Tips for Using Perler Beads

Before we get into the animal perler bead patterns, I want to review a few basics of using fuse beads to make sure you get the best results. If you don’t want the tips, scroll down to the bottom to get the patterns and tutorial.

Remember that the overall goal is to melt the beads together on both sides while still leaving the holes open. Here’s how you achieve success (with a rainbow as an example).

Use Ironing or Parchment Paper

Place ironing paper or parchment paper over the beads on the pegboard. Be gentle so you don’t disturb the beads underneath.

Ironing paper laid over the beads

Heat your iron to the medium setting (no steam). In a circular motion, begin to iron the project. Don’t press down too hard with the iron. When ironed properly, the beads will still have an open center. Check and make sure your edges are melted. Let the design cool on the pegboard.

Ironing the beads with a mini iron

Note: BE CAREFUL about lifting up the paper while you’re ironing! If you want to check, carefully peel back paper around the edge of your design and see if all the beads are melted.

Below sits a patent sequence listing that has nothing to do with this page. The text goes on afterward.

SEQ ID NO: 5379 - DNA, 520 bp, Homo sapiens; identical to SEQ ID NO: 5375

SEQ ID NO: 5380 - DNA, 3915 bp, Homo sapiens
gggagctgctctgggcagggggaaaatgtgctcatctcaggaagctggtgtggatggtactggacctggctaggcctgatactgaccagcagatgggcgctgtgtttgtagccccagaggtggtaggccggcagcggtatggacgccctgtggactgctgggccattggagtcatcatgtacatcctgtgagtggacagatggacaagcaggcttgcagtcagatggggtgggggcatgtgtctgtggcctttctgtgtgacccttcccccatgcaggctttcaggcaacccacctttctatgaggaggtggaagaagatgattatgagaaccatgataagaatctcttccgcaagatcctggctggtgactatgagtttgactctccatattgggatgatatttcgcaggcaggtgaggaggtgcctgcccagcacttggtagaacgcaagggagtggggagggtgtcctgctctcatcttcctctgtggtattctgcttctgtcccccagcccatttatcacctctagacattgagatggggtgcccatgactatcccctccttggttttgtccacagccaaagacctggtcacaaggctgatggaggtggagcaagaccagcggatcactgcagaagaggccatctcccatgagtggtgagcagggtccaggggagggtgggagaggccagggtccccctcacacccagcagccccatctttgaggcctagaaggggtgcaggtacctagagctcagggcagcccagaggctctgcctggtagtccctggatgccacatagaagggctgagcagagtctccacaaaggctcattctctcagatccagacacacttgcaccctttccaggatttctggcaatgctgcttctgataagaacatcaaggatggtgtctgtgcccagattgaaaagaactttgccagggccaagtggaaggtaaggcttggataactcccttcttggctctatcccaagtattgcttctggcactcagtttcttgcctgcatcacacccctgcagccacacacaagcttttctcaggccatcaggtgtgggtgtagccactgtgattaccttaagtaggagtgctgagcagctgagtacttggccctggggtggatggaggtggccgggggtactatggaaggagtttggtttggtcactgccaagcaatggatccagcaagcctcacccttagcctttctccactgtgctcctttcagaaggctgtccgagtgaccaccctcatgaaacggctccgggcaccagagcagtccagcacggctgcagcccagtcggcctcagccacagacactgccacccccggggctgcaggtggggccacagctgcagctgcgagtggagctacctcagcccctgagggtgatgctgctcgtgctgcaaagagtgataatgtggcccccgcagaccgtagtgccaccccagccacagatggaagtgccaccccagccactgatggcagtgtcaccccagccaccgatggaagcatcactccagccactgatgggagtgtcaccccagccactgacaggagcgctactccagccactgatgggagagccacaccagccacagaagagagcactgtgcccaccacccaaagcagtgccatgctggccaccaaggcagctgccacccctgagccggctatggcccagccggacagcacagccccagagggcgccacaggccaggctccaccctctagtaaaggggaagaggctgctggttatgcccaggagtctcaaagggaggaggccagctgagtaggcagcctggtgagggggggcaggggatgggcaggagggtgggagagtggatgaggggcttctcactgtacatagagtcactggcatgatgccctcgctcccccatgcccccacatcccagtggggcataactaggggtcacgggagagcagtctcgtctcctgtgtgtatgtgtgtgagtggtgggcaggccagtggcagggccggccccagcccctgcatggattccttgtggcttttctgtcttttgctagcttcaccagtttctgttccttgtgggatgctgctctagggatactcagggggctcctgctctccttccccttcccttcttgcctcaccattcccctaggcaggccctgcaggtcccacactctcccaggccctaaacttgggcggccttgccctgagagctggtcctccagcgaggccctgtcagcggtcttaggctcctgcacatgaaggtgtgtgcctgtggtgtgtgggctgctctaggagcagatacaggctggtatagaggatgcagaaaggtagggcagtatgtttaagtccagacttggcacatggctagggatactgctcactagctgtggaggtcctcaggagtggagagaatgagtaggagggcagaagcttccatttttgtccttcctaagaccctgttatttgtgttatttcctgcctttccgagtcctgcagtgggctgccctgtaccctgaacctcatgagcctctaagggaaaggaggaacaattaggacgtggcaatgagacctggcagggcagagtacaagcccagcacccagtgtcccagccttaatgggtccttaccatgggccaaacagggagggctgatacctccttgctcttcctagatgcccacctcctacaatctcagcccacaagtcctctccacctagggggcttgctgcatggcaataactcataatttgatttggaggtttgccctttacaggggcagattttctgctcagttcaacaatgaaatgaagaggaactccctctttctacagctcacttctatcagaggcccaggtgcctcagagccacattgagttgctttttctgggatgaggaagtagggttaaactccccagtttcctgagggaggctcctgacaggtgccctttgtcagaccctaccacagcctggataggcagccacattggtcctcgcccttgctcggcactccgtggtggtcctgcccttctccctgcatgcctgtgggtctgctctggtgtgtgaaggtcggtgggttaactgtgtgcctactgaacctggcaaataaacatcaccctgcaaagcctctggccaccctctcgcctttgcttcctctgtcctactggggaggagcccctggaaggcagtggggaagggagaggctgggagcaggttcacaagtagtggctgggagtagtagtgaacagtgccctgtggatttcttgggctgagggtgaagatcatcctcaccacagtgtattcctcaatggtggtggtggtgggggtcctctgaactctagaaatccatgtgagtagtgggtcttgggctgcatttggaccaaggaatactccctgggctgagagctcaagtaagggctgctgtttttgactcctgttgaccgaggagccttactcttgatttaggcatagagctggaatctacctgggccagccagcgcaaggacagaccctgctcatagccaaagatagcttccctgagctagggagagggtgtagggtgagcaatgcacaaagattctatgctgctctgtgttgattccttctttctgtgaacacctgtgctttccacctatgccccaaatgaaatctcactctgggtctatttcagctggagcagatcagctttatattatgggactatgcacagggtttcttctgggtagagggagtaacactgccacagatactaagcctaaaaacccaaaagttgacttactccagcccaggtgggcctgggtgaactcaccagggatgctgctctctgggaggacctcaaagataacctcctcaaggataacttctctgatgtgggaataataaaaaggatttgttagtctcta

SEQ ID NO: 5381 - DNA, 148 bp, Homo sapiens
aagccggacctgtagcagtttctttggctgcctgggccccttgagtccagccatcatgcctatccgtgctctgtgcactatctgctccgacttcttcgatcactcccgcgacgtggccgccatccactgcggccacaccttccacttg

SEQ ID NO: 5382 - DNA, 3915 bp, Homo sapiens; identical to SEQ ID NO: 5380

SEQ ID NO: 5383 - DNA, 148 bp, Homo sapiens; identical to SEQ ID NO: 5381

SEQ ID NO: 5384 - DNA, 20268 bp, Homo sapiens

If you lift the paper up quickly and there are a lot of unmelted beads, they will easily fall off or go flying and you may be forced to start over. Sometimes the edges need more time so when you check, just check the edges and peel paper back slowly.

Peeling back the paper to check if the beads are melted

Another Note: some beads melt faster than others (clear melts faster than white, for example). So some holes might be larger than others. It’s okay! That’s part of the look of the project.

Iron the Other Side

Remove the bead design from the pegboard. Flip it over to the non-melted side and repeat the fusing process.

Ironing the other side of a fuse bead design

Remove the Paper

Let cool completely and remove the paper again (which is reusable). Some people pull the paper off after they iron the first side, but I just wait until the end and peel off both pieces. It’s up to you!